Krispy Kreme

There are two subjects that I write about that are not directly related to UNC, BBQ and Hot dogs. I'm about to add a third, Krispy Kreme.

Me and KK go way back. You see, I lived across the street from the second Krispy Kreme ever In Raleigh between 1938 and 1941. It was a love affair from the outset. KK bought out a little doughnut shop on Pace St. which is about two blocks from their current location. There was nothing unusual about the doughnuts at the Golden Crisp doughnut shop, but we were all filled with trepidation when we heard they had sold out because we didn't know what would replace them. When we tasted our first KK, we knew we had hit the jackpot. The same feeling a person feels today when they taste one for the first time. I've tasted doughnuts that were similar in taste to a KK but never one that tasted exactly like them. Maybe that's because the recipe for KK is a secret and not even the people who work in the KK shops know what the recipe is. It's mixed in Winston-Salem and shipped to the shops where the doughnuts are actually cooked.

Maybe a little history is in order. KK originated in Paducah, Kentucky in 1933 when Vernon Rudolph bought the recipe from a French Chef from New Orleans. Shortly thereafter, Mr. Rudolph and his partner decided they needed a larger market, so they moved to Nashville, Tenn. and opened shops in Atlanta, Georgia and Charleston, West Virginia.

In the summer of 1937, Mr. Rudolph decided to leave Nashville and open up his own doughnut shop. He took with him two young men, a 1936 Pontiac, $200 and the name Krispy Kreme.

After looking at several possible locations, Mr. Rudolph settled in Winston-Salem, N.C. and used his last $25 to rent a building across from Salem College in what is now called the Historic Old Salem district. He convinced a local grocer to sell him the ingredients for the first doughnuts on "time" and on July 16, 1937 produced the first Krispy Kreme doughnut from his new location.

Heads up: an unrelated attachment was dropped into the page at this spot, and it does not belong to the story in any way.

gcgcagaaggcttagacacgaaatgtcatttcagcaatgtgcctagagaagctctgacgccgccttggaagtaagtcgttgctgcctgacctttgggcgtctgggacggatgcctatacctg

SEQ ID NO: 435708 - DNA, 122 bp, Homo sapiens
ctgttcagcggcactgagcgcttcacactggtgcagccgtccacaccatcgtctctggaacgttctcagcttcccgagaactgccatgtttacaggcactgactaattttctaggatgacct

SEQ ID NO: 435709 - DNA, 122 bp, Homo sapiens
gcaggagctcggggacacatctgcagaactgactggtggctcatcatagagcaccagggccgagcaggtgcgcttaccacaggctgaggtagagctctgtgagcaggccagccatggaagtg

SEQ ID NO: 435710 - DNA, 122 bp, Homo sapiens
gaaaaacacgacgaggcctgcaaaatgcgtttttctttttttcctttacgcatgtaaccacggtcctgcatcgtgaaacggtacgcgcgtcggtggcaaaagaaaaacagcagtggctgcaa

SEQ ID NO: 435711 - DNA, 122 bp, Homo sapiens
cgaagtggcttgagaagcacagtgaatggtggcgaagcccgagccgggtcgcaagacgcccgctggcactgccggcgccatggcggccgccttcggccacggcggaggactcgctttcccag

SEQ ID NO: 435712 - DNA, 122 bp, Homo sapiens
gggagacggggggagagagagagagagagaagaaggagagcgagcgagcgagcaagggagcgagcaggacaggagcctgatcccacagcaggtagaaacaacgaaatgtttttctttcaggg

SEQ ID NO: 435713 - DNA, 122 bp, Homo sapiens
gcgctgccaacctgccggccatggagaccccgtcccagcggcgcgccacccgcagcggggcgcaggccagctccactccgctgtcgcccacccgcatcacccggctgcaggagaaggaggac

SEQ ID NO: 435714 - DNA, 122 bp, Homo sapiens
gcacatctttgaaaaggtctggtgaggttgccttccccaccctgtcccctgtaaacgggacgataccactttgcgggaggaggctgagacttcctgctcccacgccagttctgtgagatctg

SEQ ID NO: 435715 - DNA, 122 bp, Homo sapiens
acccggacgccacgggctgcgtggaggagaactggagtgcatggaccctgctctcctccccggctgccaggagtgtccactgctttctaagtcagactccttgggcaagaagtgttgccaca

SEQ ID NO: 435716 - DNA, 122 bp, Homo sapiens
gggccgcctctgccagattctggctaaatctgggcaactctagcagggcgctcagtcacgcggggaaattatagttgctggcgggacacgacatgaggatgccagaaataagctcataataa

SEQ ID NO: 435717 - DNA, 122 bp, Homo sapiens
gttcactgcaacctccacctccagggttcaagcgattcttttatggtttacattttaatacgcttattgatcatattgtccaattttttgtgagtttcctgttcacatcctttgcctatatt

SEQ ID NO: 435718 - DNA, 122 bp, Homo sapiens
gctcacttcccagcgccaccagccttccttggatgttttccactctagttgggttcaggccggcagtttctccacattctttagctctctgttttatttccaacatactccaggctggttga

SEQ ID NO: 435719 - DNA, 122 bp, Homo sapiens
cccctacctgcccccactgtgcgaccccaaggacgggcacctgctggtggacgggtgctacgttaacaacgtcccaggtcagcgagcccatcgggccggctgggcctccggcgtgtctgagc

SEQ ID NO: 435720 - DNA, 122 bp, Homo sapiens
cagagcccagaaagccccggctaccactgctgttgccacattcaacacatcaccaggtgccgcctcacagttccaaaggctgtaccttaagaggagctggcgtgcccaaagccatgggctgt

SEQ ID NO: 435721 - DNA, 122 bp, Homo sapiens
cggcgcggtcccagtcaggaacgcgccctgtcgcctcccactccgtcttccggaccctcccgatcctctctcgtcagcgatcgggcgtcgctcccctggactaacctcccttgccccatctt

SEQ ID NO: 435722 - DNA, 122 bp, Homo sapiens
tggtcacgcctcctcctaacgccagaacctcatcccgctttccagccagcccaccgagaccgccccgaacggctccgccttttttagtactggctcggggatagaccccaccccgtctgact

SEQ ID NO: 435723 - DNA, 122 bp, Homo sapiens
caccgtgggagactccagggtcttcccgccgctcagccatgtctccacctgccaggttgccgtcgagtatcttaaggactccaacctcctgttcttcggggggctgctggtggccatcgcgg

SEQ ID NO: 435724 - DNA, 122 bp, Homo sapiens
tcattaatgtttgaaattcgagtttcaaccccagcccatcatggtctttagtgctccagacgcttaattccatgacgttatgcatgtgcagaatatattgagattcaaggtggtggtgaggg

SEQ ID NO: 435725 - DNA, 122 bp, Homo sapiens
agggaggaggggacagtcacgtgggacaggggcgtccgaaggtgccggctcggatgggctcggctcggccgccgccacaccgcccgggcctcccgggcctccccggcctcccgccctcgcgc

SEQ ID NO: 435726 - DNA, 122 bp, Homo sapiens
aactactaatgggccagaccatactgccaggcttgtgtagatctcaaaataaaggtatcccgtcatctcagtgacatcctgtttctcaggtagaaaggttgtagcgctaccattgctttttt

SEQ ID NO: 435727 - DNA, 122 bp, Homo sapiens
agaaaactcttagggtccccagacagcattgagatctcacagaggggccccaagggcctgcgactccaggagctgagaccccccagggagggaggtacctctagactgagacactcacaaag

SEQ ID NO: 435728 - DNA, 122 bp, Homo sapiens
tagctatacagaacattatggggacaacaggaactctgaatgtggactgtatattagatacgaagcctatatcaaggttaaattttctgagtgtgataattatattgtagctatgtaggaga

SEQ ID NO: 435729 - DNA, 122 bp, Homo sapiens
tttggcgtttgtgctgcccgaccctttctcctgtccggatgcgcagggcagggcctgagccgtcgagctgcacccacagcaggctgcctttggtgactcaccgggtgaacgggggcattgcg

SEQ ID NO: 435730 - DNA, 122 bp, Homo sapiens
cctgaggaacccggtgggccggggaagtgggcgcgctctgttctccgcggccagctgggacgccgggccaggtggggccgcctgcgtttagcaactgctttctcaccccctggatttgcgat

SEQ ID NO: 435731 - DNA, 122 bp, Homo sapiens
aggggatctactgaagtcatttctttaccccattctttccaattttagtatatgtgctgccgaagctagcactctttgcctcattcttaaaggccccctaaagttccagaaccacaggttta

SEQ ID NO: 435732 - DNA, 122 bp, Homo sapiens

Originally, KK's were to be delivered only to local stores and were not available at the doughnut shop itself, but that soon changed. Mr. Rudolph cut a hole in the wall of the shop and began to sell to a demanding public. He took the back seat out of the '36 Pontiac and installed shelves to be used in making local store deliveries.

For years, KK's were a Southern thing but no more. They've gone national and many think they will be international within the next few years. To give some idea of how KK has expanded, look at the following list of current locations:

State Locations



















New York-8   

North Carolina-16   



South Carolina-12   





West Virginia-1

Addresses of the locations appear on KK's web site and it's interesting to note where the shops are located. I'm still fuming because Charlottesville has two locations and we only have one here in Richmond, a city much larger than the home of the Hoos. We Richmonders went through withdrawal pains late last year when they completely closed the operation here in Richmond and demolished the building. For about 4 months, we had to settle for doughnuts shipped in from other locations and it just wasn't the same. The new shop is open now and it is nice. The old shop could seat 11 people at a counter. The new one can seat 44 at tables, has a drive through and is open 24 hours a day. KK lent their employees to local charities during the time the new shop was being constructed so experienced employees would be available when they reopened. Nice touch in this age of bottom line results.